In more climate-related news, widespread fires continue to burn across the Pacific Northwest. Montana Governor Steve Bullock has declared a statewide fire disaster, calling the blazes “unprecedented.” Washington Governor Jay Inslee has declared a state of emergency. On Tuesday, Seattle residents awoke to ash falling from the sky as a result of the widespread fires burning across the state. Satellite images also showed Washington state nearly entirely covered in smoke from the fires.
A new United Nations report says more than 1,100 children have been killed during the war in Yemen—and that the majority of these children were killed by U.S.-backed, Saudi-led airstrikes. The U.N. also described the ongoing humanitarian crisis in Yemen as an “entirely man-made catastrophe.” The ongoing war has left more than 7 million people on the brink of famine. The U.S.-backed bombing campaign has also devastated Yemen’s health, water and sanitation systems, sparking the world’s worst cholera epidemic, with 600,000 people affected.
United Nations Secretary-General António Guterres has warned the brutal Burmese military operation against Rohingya Muslims is at risk of spiraling into an ethnic cleansing campaign, as the violence against the long persecuted minority group continues. The U.N. says more than than 120,000 Rohingya have fled into neighboring Bangladesh in recent days—with up to 15,000 more expected to flee every single day this week. Advocates say as many as 800 Rohingya civilians, including women and children, have been killed in recent days. This is Rohingya refugee Ansar Ali, speaking after fleeing to Bangladesh.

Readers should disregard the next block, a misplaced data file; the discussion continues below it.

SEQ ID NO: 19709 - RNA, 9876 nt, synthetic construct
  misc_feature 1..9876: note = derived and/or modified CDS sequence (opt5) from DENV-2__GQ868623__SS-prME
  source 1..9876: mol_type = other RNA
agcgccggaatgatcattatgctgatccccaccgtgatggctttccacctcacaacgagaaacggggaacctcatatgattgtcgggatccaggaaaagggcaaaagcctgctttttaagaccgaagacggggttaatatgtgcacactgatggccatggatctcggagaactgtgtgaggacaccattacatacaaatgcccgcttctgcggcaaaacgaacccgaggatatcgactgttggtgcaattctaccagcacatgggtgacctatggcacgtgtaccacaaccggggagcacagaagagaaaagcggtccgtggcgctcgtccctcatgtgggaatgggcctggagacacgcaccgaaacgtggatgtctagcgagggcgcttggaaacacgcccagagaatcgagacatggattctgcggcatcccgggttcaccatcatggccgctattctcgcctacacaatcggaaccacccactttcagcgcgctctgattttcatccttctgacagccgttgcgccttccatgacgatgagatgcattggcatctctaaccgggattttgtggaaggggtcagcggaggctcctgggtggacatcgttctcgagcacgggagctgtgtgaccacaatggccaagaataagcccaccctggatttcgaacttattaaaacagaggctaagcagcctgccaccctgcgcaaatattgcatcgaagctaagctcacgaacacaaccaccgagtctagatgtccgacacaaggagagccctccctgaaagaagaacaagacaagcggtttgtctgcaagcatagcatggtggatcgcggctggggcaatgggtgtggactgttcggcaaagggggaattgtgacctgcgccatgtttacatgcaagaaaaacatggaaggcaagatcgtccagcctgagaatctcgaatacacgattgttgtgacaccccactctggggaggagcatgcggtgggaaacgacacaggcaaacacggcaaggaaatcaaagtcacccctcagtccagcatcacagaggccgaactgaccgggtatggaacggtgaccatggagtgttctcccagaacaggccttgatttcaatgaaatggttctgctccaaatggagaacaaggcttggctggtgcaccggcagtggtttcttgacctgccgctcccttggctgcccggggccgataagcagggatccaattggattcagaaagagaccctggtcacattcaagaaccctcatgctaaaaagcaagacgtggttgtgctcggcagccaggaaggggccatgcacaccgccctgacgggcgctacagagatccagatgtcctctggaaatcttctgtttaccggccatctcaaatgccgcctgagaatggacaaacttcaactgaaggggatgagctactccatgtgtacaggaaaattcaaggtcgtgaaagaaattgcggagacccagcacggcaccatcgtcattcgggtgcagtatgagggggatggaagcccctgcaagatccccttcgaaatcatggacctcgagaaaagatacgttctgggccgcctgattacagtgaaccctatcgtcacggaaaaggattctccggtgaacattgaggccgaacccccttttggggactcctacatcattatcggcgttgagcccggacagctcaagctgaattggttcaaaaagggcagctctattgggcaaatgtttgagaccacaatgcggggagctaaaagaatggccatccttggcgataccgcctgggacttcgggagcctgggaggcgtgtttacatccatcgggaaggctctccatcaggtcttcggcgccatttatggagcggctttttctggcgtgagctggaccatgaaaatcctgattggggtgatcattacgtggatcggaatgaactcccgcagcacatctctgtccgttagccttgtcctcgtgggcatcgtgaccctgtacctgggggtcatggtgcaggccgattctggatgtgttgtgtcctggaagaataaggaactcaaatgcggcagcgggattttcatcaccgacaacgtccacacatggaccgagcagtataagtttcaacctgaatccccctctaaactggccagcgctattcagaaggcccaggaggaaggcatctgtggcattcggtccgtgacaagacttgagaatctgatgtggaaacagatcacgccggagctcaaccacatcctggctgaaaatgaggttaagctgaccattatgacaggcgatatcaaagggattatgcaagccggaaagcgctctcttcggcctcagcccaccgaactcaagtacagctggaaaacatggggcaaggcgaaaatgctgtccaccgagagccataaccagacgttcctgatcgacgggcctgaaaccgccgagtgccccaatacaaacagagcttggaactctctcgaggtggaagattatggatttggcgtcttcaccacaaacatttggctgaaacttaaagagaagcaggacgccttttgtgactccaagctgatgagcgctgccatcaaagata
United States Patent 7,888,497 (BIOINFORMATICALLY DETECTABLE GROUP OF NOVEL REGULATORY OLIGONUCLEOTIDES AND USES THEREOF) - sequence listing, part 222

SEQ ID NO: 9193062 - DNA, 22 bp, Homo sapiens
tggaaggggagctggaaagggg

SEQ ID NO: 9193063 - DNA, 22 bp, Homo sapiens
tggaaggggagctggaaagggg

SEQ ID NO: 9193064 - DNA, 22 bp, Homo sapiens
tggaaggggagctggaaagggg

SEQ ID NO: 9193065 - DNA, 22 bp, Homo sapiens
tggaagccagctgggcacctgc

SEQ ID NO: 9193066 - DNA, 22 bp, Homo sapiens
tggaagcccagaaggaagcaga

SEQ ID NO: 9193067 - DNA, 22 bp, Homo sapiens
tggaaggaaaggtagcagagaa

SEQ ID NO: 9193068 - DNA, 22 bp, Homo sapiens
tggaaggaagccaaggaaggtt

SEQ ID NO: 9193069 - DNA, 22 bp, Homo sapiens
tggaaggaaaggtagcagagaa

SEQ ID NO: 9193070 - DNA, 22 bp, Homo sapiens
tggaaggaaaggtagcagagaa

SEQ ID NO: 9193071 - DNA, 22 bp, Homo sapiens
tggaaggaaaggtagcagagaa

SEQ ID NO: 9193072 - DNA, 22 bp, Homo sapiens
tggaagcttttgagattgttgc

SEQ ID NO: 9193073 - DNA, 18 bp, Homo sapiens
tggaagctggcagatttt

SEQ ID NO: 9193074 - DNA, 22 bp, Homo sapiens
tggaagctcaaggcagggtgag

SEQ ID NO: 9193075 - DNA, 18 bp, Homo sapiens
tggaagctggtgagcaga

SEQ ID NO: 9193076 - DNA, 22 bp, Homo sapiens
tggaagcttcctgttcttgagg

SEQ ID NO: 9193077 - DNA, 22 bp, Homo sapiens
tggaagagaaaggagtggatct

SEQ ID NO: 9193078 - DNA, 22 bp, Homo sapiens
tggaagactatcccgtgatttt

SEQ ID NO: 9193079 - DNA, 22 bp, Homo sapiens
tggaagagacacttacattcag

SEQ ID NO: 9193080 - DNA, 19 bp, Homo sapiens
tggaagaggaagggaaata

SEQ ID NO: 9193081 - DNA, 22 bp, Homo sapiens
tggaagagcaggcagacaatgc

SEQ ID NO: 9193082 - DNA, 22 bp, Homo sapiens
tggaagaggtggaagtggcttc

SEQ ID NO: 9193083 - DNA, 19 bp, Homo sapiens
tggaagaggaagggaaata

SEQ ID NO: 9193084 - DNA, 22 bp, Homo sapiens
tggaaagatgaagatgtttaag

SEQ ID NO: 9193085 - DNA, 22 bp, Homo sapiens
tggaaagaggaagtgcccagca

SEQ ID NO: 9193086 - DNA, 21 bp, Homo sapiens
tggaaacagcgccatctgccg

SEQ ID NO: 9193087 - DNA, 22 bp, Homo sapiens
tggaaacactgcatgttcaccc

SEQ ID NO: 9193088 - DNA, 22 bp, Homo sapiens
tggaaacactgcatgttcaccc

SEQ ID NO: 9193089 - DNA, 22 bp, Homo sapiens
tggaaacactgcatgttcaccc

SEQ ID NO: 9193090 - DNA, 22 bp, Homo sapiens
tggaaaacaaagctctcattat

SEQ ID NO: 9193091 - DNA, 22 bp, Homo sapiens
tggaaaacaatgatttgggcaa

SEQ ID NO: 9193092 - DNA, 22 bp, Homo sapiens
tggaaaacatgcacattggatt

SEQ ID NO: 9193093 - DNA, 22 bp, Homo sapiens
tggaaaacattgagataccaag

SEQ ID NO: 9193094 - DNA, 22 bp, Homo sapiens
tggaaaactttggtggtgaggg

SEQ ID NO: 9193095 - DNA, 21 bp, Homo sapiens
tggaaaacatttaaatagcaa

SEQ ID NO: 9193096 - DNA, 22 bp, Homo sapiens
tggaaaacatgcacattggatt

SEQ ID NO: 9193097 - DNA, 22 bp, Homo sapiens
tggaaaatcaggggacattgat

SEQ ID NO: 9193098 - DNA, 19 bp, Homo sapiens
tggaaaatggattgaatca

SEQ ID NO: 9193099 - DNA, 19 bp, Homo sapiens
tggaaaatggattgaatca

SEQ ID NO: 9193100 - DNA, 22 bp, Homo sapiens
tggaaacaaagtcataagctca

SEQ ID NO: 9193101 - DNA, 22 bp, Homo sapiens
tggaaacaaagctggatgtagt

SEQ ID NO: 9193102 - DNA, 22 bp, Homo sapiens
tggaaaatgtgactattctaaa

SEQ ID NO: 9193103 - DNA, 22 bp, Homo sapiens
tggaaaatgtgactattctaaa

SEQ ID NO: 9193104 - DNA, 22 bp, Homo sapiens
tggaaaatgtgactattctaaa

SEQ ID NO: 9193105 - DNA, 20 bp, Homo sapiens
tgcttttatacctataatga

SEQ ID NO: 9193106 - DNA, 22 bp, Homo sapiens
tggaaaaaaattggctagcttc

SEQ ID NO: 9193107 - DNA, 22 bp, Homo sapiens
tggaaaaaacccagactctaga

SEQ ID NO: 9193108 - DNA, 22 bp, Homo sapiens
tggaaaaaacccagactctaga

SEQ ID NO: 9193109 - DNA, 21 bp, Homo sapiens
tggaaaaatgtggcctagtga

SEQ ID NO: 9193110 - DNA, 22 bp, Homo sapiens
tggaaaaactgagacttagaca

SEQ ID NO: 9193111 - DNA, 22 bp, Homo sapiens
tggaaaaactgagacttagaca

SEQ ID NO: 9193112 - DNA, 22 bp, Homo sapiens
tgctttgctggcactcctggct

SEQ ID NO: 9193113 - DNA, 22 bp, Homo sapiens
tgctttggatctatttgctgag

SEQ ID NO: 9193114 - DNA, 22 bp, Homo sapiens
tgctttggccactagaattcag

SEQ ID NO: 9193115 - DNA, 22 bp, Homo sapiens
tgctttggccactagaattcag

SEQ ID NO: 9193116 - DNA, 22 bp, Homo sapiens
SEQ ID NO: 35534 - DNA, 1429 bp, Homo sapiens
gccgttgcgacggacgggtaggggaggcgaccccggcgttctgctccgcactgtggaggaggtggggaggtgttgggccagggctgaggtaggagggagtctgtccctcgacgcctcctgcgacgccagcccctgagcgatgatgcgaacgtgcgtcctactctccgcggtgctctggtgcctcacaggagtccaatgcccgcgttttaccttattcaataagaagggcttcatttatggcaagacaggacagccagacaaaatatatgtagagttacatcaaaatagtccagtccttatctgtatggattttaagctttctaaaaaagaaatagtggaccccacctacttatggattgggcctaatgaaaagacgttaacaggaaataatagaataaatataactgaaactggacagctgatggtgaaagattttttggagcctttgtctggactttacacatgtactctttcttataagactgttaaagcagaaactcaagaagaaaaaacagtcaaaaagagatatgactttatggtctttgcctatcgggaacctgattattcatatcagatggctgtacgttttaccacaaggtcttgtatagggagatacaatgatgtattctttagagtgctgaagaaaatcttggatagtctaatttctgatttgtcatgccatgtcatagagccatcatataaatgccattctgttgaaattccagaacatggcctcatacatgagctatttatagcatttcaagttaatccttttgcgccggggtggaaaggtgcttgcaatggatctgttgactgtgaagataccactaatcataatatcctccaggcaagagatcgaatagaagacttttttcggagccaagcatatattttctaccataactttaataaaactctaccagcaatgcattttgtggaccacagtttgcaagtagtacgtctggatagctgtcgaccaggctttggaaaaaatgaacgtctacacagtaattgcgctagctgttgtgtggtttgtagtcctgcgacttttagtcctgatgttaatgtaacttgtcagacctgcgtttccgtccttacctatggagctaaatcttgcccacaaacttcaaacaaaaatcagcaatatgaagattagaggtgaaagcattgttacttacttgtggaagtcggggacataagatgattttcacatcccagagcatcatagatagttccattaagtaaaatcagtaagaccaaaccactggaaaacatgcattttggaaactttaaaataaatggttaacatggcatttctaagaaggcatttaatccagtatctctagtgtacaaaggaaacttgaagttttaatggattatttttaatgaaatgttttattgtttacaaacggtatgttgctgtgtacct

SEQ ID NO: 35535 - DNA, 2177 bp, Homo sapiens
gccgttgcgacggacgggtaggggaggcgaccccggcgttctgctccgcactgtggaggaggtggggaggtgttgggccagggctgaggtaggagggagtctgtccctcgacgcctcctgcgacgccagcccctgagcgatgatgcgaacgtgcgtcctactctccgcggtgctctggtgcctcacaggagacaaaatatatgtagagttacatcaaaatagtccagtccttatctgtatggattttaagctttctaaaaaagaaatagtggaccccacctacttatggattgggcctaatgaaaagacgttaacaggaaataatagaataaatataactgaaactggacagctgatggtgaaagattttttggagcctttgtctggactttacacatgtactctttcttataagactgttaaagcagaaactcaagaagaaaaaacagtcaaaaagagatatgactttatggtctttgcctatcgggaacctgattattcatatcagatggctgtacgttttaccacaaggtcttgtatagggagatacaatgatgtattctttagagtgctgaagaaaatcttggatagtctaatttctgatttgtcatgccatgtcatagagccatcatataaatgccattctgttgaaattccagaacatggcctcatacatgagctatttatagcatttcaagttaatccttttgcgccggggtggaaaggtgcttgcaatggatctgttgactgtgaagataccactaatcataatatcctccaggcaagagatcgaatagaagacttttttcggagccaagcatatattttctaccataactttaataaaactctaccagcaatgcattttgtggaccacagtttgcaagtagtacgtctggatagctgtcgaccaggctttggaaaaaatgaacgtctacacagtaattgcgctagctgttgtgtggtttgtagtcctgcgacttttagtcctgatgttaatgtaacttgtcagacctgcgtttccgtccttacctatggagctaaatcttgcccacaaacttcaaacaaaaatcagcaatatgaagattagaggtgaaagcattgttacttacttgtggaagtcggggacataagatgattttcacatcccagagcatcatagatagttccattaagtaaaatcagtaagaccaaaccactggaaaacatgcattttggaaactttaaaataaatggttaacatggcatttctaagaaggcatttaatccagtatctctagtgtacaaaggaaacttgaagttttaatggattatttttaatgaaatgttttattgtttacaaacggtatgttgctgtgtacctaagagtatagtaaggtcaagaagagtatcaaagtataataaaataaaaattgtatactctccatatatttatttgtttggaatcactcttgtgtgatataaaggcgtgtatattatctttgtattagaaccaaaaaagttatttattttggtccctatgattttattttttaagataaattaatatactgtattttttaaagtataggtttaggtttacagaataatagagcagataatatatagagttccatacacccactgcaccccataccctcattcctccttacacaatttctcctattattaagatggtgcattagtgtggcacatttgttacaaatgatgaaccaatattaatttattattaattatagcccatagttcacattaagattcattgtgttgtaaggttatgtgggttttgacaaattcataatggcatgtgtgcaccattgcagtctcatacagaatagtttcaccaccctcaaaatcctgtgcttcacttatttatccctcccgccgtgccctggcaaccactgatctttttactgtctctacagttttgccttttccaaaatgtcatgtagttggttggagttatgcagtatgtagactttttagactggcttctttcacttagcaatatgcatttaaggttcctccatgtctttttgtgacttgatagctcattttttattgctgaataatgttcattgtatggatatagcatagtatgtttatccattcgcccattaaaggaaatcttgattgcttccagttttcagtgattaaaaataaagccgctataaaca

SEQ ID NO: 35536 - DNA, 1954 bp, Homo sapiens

Ansar Ali: “There was another behind us in which my relatives were there. Suddenly, that sank in the sea as the military started firing at us. Ten members of our family, including my son and grandson, drowned in the sea. We somehow managed to escape.”
More than 300,000 people have signed a petition calling on the Norwegian Nobel Committee to revoke Burma’s leader Aung San Suu Kyi’s peace prize over the violence. Suu Kyi claims the news reports about the military crackdown are “misinformation” and that the security forces are fighting terrorism.
United Nations war crimes investigators say Syrian government forces have used chemical weapons more than 25 times during the ongoing war, including during the deadly attack in Khan Sheikhoun in April, which killed 86 people. The Syrian government has long denied using chemical weapons. Meanwhile, in more news from Syria, the Syrian government says its forces have broken the ISIS siege on parts of the eastern city of Deir ez-Zor. Tens of thousands of civilians have been trapped by the ISIS siege of the city for more than two years.
And in India, prominent journalist and human rights activist Gauri Lankesh was assassinated on her doorstep in Bangalore Tuesday. She was an outspoken critic of right-wing Hindu nationalism and the caste system. Last year, she was convicted in a defamation case brought by lawmakers from Prime Minister Modi’s ruling BJP party over her 2008 investigation into the politicians’ criminal ties. The Editors Guild of India called her murder “a brutal assault on the freedom of the press.” On Tuesday, protesters took to the streets across India to denounce her assassination, including in Mumbai, Delhi and outside Lankesh’s home. Nearly 20 more protests are planned for today. This is her brother, Indrajit Lankesh.
Indrajit Lankesh: “As a brother, I’m asking. As a journalist, I’m asking. As a filmmaker, I’m asking. It is not just my sister’s murder. It is a journalist’s murder. It is an activist’s murder. More than that, it is a woman’s murder. As a brother, I want justice for my sister. Now I’ve lost my sister. And she was giving everything for the field of journalism, for activism, for secularism, for social justice. Now we have lost her. At least find the culprits. Please, I request.”